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Olympic Games 2012

Volume 711: debated on Thursday 18 June 2009


Moved By

To call attention to the 2012 Olympic and Paralympic Games in London; and to move for papers.

My Lords, I am delighted to have secured the opportunity to debate the progress being made towards the London 2012 Olympic and Paralympic Games. I am grateful that so many Members of your Lordships’ House are contributing—a sign of the importance that this House places on the Games and sport. I look forward to benefiting from noble Lords’ rich and diverse experience. First, I declare an interest as chair of the London Organising Committee of the Olympic and Paralympic Games or LOCOG, as we are known.

January of this year saw us pass the halfway point from winning the bid to the Olympic opening ceremony. Next month, on 27 July, the nation will mark three years to go. Now, more than ever, we are under the microscope. Since being awarded the right to host the Games, we have made solid progress. I place on record my thanks to the efforts of the Olympic Delivery Authority and the London Development Agency. The Games are the biggest and most complex sporting event in the world to stage, and we are precisely where we need to be at this point.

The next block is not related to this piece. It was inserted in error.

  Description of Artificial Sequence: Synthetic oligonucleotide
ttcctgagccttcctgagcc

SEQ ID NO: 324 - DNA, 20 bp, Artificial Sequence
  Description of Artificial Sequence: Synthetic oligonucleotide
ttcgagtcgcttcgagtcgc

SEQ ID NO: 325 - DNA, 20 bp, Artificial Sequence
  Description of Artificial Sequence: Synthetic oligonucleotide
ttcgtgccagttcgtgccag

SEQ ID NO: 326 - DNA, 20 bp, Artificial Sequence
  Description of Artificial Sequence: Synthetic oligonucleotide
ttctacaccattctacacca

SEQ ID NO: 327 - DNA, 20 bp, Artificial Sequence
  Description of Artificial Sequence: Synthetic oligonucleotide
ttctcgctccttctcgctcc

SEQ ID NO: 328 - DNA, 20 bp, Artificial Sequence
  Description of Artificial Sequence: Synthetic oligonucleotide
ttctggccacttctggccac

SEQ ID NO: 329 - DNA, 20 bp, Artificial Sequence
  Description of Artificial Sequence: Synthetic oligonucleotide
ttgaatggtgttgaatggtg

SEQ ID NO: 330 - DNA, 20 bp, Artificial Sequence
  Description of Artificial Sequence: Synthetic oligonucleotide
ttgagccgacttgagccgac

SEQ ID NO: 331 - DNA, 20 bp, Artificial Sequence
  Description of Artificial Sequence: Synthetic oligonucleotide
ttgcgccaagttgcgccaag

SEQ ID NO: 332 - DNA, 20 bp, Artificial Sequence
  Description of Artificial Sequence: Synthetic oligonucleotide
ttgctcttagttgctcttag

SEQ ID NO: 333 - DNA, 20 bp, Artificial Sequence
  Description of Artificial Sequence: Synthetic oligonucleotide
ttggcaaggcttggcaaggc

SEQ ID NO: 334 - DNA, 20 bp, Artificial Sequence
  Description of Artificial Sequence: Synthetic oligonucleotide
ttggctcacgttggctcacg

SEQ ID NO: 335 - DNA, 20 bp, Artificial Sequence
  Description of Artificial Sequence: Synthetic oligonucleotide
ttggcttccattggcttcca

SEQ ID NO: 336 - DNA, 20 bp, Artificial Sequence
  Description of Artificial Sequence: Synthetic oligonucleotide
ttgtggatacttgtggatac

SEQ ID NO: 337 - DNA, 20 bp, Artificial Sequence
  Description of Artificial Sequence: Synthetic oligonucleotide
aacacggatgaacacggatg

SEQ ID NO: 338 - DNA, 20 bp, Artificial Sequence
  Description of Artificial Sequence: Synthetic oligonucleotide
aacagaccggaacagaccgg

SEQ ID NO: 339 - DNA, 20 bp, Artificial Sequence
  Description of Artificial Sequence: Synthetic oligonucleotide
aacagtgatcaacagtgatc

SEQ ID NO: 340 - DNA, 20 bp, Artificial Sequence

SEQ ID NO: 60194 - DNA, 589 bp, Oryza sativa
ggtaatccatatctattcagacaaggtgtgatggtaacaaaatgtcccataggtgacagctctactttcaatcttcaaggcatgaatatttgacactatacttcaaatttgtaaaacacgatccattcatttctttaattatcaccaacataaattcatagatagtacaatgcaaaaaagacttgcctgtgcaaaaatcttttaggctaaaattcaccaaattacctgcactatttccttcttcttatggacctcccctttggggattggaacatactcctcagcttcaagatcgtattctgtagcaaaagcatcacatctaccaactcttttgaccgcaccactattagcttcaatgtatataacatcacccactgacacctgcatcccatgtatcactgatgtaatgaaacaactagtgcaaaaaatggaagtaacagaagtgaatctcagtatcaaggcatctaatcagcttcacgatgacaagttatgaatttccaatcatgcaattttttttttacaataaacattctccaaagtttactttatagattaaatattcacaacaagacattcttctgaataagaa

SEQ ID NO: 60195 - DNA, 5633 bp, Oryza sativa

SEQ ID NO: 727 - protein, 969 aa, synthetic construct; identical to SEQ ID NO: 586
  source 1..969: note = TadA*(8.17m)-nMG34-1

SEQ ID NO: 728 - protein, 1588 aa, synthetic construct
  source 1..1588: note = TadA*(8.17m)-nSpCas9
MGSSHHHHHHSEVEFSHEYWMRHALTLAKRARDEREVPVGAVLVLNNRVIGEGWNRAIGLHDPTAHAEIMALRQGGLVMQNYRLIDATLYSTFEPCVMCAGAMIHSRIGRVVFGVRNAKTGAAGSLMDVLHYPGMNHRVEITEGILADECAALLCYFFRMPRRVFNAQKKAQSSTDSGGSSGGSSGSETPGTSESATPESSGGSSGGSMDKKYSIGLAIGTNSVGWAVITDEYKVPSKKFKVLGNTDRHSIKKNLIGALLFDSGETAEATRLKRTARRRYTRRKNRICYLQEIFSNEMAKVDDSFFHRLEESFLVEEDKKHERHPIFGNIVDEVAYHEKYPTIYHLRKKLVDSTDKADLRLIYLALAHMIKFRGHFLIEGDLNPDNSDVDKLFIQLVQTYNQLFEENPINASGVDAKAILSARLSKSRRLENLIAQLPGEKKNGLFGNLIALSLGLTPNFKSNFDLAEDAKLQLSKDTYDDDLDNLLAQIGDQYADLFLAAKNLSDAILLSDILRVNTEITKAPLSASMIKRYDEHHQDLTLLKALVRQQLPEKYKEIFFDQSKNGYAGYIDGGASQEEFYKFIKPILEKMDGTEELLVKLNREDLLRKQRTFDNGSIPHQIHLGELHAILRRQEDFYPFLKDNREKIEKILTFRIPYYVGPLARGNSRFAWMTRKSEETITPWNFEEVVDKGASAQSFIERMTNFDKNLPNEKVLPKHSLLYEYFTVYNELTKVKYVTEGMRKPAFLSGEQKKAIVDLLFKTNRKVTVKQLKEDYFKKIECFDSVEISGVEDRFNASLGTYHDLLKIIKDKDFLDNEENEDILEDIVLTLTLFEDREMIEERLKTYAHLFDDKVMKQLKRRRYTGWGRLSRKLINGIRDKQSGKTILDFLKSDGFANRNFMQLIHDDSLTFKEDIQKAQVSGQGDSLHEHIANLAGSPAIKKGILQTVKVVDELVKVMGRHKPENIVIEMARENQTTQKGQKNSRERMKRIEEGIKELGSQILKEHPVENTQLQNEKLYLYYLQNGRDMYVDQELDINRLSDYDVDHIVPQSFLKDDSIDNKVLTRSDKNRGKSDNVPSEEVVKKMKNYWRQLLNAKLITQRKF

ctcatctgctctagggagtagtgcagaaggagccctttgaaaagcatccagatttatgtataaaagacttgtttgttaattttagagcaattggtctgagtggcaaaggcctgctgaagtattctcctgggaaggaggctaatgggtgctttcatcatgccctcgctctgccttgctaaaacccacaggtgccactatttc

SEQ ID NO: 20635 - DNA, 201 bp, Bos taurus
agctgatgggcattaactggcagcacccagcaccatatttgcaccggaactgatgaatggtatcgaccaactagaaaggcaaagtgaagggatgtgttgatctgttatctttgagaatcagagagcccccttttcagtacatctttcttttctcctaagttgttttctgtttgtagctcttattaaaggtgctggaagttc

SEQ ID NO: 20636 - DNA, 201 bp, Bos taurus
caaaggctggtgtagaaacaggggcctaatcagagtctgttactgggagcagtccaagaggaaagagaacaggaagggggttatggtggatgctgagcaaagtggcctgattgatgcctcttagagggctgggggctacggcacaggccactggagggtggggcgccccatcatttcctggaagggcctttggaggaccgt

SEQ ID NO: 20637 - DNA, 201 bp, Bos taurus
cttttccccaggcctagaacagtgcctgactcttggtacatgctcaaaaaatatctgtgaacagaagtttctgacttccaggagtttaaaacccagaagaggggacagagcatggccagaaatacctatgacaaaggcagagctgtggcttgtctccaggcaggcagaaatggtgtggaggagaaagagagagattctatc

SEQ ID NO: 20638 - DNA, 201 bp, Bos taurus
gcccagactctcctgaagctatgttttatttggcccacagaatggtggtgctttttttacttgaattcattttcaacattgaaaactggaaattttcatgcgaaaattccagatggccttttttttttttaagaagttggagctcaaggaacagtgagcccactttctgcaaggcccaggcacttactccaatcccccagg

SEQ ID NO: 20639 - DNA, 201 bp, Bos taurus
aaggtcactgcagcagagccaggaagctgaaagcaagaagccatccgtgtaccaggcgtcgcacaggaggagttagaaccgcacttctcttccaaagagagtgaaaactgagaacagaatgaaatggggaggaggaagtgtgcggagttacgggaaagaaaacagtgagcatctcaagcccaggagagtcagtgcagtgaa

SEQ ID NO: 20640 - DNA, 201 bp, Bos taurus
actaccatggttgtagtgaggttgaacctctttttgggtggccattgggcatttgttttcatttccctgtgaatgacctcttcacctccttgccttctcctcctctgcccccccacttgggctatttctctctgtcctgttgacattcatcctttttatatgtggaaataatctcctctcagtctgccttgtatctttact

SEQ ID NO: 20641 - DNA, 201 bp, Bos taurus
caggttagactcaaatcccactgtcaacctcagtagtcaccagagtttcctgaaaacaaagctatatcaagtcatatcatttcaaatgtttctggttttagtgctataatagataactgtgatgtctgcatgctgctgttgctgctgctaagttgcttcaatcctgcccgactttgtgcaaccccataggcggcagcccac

In May, when the International Olympic Committee’s Co-ordination Commission visited us, it acknowledged that every one of our milestones has been met. So let me take noble Lords on a short romp across that landscape. We are a Games with sport and athletes at their heart. We are on track to deliver a compact Games with swift and safe transport and we are building new permanent structures only where there is a long-term and sustainable legacy. All our venues in the Olympic park are on, or even ahead of, schedule and being delivered within the public sector budget set by the Government three years ago.